NB: This is a very abridged version. Those seeking details should refer to the full length version
Because global stocks tend to lead global asset markets, and these markets are so tightly integrated, a weekly preview of major forex pairs and commodities demands that we first look at equities.
GLOBAL STOCK MARKETS-ONE CHART TO RULE THEM ALL
As always, we begin our weekly preview of global markets with a look at the S&P 500 stock index. International forex and commodity markets tend to move according to stocks, and no single index provides a better single picture of overall market sentiment than the bellwether S&P 500. Just note how similar most other major international stock or commodity daily charts are to that of the S&P 500 in both trend direction and magnitude of moves, although there can be short term deviations and at times even longer term exceptions, such as gold's current burst higher (more on that below).
That the S&P 500 is arguably the best single snapshot of global risk sentiment is not news to experienced traders, but for the benefit of all others, this idea can't be repeated enough – it's truly the One Chart To Rule Them All.
Here is a daily chart of the S&P 500 as of last Sunday.
S&P 500 Daily Chart With Volume With 10 Day Moving Average for Volume
04 Nov 15
the key points to note about the chart:
- The possible formation of a bearish double-top pattern forming around the 1100 level
- The relatively low volume on the rallies to this level compared to the much higher volume at the tops and on the pullbacks since the beginning of September until now. The red line on the volume histogram is a 10 day Simple Moving Average of Volume that clarifies how volume is relatively low on the rallies and higher on the pullbacks.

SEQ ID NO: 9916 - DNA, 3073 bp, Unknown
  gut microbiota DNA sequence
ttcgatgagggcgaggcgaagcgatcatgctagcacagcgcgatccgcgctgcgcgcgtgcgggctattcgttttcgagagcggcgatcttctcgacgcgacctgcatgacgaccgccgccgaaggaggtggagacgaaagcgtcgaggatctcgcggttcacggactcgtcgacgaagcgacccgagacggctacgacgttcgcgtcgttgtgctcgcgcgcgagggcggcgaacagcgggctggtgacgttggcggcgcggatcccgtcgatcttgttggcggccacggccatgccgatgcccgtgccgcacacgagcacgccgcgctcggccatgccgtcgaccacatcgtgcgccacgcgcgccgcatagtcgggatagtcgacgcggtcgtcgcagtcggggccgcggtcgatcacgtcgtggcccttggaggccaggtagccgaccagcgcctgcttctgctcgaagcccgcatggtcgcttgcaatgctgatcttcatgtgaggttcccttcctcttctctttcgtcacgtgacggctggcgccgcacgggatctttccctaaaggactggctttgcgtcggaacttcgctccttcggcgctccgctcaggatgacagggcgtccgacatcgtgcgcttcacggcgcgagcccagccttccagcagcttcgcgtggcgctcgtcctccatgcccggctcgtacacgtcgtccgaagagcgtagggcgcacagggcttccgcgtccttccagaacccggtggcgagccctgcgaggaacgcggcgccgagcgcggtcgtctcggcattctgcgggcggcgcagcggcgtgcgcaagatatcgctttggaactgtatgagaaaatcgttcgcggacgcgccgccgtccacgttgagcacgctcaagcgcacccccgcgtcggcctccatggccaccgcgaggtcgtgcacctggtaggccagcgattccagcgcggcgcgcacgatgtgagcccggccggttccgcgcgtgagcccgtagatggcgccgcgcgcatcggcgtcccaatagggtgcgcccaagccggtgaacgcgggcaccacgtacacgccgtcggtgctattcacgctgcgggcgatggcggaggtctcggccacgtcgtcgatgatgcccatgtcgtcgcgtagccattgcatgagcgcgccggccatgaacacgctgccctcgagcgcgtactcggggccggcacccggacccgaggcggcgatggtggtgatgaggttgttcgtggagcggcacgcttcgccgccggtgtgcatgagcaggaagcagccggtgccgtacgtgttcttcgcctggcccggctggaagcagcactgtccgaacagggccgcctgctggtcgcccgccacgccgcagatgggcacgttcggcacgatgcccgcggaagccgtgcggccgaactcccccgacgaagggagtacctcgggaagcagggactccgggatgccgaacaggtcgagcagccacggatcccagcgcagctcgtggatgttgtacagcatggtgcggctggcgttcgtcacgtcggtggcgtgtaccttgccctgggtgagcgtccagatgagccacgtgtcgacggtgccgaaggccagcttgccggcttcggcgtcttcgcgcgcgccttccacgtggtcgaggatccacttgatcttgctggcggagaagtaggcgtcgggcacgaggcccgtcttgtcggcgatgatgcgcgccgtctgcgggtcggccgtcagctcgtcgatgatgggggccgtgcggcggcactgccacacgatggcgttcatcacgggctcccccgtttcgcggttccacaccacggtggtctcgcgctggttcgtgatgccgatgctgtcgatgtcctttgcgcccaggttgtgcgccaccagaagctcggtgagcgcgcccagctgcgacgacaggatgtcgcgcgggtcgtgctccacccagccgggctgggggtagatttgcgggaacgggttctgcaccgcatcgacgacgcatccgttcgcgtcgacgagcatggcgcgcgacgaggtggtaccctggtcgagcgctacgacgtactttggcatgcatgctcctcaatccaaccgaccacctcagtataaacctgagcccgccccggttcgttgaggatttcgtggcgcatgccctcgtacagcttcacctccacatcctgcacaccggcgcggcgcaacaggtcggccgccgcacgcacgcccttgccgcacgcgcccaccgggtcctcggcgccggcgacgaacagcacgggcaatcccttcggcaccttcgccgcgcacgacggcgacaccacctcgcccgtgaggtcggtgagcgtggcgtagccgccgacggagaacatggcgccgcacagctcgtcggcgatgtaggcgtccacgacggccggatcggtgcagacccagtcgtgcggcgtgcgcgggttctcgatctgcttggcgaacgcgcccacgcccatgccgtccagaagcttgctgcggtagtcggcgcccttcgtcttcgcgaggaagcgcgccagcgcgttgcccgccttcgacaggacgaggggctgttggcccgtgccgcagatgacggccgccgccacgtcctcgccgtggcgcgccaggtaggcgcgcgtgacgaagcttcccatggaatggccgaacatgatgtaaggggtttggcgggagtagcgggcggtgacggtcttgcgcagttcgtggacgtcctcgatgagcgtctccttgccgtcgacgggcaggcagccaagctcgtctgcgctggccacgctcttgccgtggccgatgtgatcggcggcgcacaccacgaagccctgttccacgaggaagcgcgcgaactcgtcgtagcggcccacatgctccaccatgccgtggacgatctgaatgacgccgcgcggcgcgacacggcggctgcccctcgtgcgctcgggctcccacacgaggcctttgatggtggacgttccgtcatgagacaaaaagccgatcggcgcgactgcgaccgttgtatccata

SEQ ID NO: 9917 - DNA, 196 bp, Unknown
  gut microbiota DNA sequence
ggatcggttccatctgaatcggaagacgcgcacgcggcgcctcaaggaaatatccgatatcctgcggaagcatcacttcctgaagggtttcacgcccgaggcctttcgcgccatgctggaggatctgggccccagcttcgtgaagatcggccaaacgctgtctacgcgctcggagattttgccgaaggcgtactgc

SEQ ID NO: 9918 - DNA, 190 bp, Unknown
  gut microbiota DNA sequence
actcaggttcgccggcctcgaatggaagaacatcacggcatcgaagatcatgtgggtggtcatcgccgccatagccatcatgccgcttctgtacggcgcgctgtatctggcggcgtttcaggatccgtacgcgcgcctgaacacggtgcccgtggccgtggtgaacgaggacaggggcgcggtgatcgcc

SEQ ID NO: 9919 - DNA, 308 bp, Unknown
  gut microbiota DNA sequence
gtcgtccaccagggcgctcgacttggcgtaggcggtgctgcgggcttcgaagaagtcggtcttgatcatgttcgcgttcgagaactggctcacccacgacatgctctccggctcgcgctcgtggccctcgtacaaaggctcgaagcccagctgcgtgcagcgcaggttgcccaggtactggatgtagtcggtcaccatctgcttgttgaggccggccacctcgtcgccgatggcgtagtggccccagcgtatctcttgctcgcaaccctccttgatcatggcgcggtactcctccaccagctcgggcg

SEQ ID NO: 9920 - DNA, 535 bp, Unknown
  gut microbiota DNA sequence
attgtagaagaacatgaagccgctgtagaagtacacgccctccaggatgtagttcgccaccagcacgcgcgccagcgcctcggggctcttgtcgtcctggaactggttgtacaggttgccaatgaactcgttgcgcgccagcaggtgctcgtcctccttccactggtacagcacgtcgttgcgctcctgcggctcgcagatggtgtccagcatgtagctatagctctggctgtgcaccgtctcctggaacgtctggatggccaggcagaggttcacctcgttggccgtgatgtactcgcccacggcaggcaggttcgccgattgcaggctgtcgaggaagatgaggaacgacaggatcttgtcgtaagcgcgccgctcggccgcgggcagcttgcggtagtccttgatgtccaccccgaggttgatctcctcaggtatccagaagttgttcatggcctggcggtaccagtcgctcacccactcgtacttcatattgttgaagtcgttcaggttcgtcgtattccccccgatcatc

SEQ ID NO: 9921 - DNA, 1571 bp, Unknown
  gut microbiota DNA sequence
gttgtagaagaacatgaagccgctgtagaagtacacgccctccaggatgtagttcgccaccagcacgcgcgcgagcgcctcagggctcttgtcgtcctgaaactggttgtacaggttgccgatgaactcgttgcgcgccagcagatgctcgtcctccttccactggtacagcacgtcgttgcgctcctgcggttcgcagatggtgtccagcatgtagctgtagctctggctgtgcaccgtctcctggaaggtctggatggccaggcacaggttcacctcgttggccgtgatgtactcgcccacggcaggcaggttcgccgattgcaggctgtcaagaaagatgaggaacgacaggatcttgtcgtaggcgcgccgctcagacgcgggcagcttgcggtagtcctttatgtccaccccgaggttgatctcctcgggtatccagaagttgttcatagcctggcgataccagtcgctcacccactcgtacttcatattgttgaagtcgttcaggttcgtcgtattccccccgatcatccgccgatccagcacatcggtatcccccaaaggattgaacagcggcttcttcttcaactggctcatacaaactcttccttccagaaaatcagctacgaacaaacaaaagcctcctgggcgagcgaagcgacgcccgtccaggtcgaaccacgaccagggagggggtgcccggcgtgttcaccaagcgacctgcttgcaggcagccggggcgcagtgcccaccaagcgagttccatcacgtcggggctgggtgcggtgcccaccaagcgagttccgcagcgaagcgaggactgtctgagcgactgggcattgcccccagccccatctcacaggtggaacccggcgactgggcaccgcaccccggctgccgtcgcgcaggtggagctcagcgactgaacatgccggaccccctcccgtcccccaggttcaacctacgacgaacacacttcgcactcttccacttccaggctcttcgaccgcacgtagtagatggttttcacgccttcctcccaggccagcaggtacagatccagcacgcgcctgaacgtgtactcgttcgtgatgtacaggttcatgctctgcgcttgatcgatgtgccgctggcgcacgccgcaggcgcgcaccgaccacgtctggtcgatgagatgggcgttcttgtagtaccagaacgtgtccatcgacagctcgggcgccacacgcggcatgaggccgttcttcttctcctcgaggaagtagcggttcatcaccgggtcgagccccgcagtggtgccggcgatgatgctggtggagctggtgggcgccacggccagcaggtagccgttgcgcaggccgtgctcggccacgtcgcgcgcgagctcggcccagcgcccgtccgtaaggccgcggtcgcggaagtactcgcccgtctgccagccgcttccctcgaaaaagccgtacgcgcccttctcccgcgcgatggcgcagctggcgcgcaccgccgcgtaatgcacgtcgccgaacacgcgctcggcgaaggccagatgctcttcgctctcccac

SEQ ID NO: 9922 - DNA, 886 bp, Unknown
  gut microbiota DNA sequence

For perspective on the significance of the 1100 level, we zoom back to a weekly chart of the S&P 500 for the past 5 years. Note how this level has served as minor multi-week support resistance. Thus if the past is any guide, the rally will need to pass the 1100 within the next few weeks or risk losing credibility. If that happens, then risk assets are likely to either consolidate in a horizontal range or stage a long awaited normal pullback. Note that a drop of 100-300 points would be a perfectly normal retracement and markets would still be in a firm overall uptrend.
S&P 500 5 Year Weekly Chart with 10 Week Moving Average for Volume
06 Nov 15
Again, note the declining overall volume of the rally since April, suggesting a lack of believers in this rally. The bright side is that there may be a lot of cash still available to fuel further rally if the recovery becomes more convincing. The downside of this low volume rally is that it suggests they buyers were short term hot money that will be inclined to sell if the recovery falters. That in turn will depend on whether economies can begin to hold up without massive new stimulus, and if they can't, whether governments will be able to continue providing it, and for how much longer.
Here's the update chart as of 11/22, with the past week's trading marked off by the cursor highlighting Monday 11/16.
Daily Chart S&P 500 as of 11/22 (image 01 Nov 22)
Monday's gains were wiped out by a combination of end of week profit taking and signs that the ECB is beginning to end its stimulus and moving closer to raising interest rates. The key point to note is that after moving decisively higher Monday on decent volume, the market turned indecisive for two days and pulled back to close the week with a slight loss. The 1100 resistance level bent but didn't break.
Meaning? We're back where we were last week, both literally and figuratively – waiting to see if the markets are going to range trade or begin a more serious drop to test support. While another move higher can't be ruled out, the extent of the rally since March, its questionable underlying fundamentals, and usual year end selling make for a clear flat to lower bias. Gold's meteoric rise over the past 3 weeks makes gold also vulnerable to at least some kind of support test which could push the USD higher and thus also weigh further on the S&P.
Do not be lulled into thinking that a Thanksgiving holiday induced low liquidity Wednesday-Friday means necessarily means quiet trading. Historically, the week is actually unusually volatile due to the lower liquidity.
KEY COMMODITIES: Oil Slipping & Red Hot Gold